Harpur and Moorecock of Burton on Trent

After 02 Mar 1484 Ralph Fitzherbert was buried at Church of St Barlok. Monument to Ralph and wife Elizabeth Marshall. Finely made in Chellaston alabaster of the Fluted Period. His effigy notable for being the only remaining with the boar of Richard III on his Yorkist Suns and Roses Collar. Bobbed hair with finely detailed ringlets. No facial hair. The chest finely made with weepers on the three extant sides. On one side five single men (a knight, a monk, two merchants and one unknown), and one couple. On the other side women, four single, two duos. Ralph and Elizabeth had twelve children, six male, six female so probable the weepers represent their children, possibly with spouses, possibly with offspring since in the two females duos there is a noticeable difference in height. Tudor Livery Collar. Fine sabbatons, the armoured feet, with spurs. Note the beadsman under the right foot. Unlikely the sculptor had ever seen a lion. Feet resting on a Lion. The Fitzherbert Clenched Fist Crest. A finely carved Butterfly Headress. A finely carved collar with Mary and baby Jesus pendant. A Bedesman looking somewhat bored. Excellent weepers on all sides, probably their issue, possibly with grandchildren, on the longer sides since they had six boys and six girls. Possibly Harpur and Moorecock of Burton on Trent.

After 10 May 1490 Alice Southill was buried at Church of St Peter and St Paul. After 05 Nov 1524 John Harrington was buried with his wife. Their monument Tudor Period. Dogs Head Crest. Bedesman and Lion at his feet. Tudor Livery Collar. Dog(s) chewing at her dress. Probably Harpur and Moorecock of Burton on Trent.

In 1501 John Strelley was buried at All Saints' Church. Monument to John Strelley and Sanchia Willoughby. Tudor Period. Described as the finest alabaster monument in the country. Chellaston alabaster. Bare headed, bobbed hair to the shoulder. Feet resting on a Lion, two fine Bedesmen, one male, one female;possibly Harpur and Moorecock of Burton on Trent. Great helm with Saracen's Head Crest, strangled as denoted by the tongue out. Extended mantling. Four arms above the effigies represent, from left to right:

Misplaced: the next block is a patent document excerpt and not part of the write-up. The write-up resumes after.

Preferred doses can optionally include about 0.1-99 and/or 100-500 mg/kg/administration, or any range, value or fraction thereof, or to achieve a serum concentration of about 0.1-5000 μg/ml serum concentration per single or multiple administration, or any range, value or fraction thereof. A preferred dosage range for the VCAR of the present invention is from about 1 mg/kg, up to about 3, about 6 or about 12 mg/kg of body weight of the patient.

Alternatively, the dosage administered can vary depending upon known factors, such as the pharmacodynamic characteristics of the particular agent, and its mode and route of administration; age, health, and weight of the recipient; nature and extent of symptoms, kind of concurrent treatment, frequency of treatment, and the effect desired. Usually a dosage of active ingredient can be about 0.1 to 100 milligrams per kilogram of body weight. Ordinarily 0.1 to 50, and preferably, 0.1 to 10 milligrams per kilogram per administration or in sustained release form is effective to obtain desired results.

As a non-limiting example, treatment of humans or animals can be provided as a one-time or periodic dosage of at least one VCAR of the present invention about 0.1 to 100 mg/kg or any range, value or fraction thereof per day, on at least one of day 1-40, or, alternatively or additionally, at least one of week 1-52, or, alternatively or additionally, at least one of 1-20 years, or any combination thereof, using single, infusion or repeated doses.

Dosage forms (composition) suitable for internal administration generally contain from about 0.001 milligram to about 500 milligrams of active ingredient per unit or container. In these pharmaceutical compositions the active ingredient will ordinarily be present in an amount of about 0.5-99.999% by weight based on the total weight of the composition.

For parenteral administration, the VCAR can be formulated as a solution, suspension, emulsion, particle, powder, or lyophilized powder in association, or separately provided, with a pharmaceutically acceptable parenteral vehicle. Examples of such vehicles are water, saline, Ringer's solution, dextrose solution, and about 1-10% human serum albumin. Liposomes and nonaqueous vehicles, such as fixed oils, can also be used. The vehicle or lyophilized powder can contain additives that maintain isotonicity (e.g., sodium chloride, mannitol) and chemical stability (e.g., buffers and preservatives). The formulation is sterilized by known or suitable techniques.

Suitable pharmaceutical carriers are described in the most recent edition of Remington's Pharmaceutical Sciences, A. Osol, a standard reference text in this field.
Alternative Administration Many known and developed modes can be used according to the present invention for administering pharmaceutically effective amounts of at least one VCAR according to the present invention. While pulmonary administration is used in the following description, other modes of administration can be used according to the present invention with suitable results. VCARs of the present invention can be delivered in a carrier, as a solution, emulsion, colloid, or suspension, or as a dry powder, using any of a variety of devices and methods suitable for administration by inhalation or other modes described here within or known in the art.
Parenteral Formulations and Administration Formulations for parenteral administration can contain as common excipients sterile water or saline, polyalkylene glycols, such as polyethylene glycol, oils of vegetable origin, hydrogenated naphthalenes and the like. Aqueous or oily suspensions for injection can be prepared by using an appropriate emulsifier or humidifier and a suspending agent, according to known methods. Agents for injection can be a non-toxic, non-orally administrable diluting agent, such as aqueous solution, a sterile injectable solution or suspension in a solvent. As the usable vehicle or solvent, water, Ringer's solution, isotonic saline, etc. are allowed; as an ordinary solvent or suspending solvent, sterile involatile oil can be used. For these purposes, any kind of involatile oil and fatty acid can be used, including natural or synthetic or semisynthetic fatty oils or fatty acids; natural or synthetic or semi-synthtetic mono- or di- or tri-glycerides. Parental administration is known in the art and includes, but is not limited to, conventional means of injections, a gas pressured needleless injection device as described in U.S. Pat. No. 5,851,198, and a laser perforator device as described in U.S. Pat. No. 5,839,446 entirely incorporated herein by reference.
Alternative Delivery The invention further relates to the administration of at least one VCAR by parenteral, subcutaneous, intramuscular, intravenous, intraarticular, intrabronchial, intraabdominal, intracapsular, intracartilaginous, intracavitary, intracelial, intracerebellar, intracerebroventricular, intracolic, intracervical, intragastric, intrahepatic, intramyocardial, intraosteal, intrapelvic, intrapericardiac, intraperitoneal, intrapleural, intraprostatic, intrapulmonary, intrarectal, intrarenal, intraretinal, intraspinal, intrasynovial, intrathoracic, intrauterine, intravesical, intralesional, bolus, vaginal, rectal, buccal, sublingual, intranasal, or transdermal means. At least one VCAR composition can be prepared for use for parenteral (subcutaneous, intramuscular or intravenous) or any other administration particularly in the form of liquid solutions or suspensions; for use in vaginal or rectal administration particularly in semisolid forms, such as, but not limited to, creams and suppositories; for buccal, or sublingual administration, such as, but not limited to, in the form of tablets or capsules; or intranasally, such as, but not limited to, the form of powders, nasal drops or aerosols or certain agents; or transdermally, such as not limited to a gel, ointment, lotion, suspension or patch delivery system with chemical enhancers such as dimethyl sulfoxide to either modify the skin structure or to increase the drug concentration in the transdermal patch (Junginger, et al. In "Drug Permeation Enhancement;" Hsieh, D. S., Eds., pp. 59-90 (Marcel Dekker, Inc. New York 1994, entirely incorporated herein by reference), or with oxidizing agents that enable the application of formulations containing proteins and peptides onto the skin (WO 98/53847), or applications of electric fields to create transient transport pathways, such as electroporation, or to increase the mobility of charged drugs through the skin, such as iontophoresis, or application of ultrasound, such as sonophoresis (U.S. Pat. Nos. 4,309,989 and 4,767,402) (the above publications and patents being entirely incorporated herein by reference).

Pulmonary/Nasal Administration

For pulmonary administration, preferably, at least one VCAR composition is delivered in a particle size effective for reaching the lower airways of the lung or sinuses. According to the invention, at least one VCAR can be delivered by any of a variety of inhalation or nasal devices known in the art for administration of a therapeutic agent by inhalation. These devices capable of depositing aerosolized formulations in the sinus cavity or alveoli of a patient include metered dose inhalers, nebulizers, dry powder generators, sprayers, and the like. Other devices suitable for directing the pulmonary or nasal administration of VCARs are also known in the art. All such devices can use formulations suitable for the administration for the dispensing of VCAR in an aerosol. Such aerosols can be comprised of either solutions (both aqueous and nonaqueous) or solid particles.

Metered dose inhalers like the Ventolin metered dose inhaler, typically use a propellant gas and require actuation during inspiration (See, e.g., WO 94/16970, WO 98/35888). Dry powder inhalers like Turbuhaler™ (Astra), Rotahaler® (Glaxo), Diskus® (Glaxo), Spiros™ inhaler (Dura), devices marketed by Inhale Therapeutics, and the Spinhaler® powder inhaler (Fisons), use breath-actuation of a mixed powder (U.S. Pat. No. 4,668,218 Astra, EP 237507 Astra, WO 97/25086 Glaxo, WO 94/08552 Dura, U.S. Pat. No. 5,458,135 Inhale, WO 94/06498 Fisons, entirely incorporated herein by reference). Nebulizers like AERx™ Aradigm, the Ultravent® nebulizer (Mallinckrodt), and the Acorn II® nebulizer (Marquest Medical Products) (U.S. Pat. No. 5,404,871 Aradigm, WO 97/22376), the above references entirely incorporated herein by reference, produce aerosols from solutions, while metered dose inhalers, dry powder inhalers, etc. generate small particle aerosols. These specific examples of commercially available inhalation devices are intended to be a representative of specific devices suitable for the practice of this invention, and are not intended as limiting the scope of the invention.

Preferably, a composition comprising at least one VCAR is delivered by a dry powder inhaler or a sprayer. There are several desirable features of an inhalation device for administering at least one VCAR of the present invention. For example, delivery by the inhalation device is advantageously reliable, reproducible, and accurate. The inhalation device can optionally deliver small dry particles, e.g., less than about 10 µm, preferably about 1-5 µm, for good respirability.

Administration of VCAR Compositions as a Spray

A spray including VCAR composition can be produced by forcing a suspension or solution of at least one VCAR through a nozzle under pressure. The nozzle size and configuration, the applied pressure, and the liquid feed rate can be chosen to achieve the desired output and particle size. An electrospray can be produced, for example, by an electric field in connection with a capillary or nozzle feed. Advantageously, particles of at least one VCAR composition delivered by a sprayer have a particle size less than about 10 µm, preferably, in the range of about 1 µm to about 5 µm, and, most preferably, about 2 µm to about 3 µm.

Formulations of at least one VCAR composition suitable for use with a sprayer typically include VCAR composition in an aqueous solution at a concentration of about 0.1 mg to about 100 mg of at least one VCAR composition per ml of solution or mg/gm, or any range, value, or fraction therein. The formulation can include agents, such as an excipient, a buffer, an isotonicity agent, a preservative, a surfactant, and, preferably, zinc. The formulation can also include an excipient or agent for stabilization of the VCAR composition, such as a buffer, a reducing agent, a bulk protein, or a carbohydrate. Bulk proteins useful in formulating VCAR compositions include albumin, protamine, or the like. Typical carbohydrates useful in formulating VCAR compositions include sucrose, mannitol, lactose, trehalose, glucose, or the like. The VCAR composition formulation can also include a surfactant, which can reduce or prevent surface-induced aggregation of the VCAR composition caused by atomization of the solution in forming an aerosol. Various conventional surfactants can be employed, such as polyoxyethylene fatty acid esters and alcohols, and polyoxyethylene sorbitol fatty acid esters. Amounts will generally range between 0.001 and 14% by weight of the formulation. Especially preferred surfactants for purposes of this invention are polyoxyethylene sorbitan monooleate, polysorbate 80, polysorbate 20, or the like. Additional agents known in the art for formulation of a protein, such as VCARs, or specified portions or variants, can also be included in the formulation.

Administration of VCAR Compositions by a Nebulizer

Strelley impaled Kempe - his father Robert Strelley and his mother Isabel Kempe
Strelley impaled Willoughby - John and his wife
Strelley impaled Pierrepoint - John's paternal great-grandfather Nicholas Strelley and great-grandmother Elizabeth Pierrepoint.

After 12 Oct 1516 Isabel Neville was buried at St Peter's Church. Monument to William Smythe, Anne Staunton and Isabel Neville. Tudor Period. Lancastrian Esses Collar. Dog(s) chewing at her dress. Gabled Headress with Lappets. Probably Harpur and Moorecock of Burton on Trent.

After 13 Mar 1518 Thomas Babington was buried at All Saints Church. Monument to Thomas Babington and Editha Fitzherbert. Excellent painted alabaster monument of the Tudor Period with the colours much refreshed. He in civilian clothes with a purse (aka scrip aka gypciere) hanging from his belt. Dog(s) chewing at her dress. Gabled Headress. The chest tomb of exceptional quality with the fifteen weepers under crocketed canopies broadly undamaged. The weepers are believed to represent Thomas and Editha's children and their respective spouses. The chest tomb bow abuts the south wall of the chancel meaning only three sides visible. Carved by Harpur and Moorecock of Burton on Trent.

After 1530. St Oswald's Church. Monument to Randle Brereton and Eleanor Dutton. Alabaster. Tudor Period. Lancastrian Esses Collar. Dogs Head Crest. Dog(s) chewing at her dress. Possibly Harpur and Moorecock of Burton on Trent. Probably Harpur and Moorecock of Burton on Trent.

After 1554. St Mary the Virgin Church. Believed to be a Monument to John Anne but the armour would suggest it is around a hundred years or so earlier than his death in 1554. Finely carved in alabaster. Early Plate Period (Bascinet and Gorget). Lancastrian Esses Collar. Lion Pendant. Fine Bedesmen on the chest. Dog(s) chewing at her dress. Possibly Harpur and Moorecock of Burton on Trent.

Harpur and Moorecock of Burton on Trent were carvers of the early 16th Century of exceptional quality. Their work is usually identifiable by details such as Bedesmen at the feet, and swirlings tails covering the feet, and dogs chewing the ladie's dresses.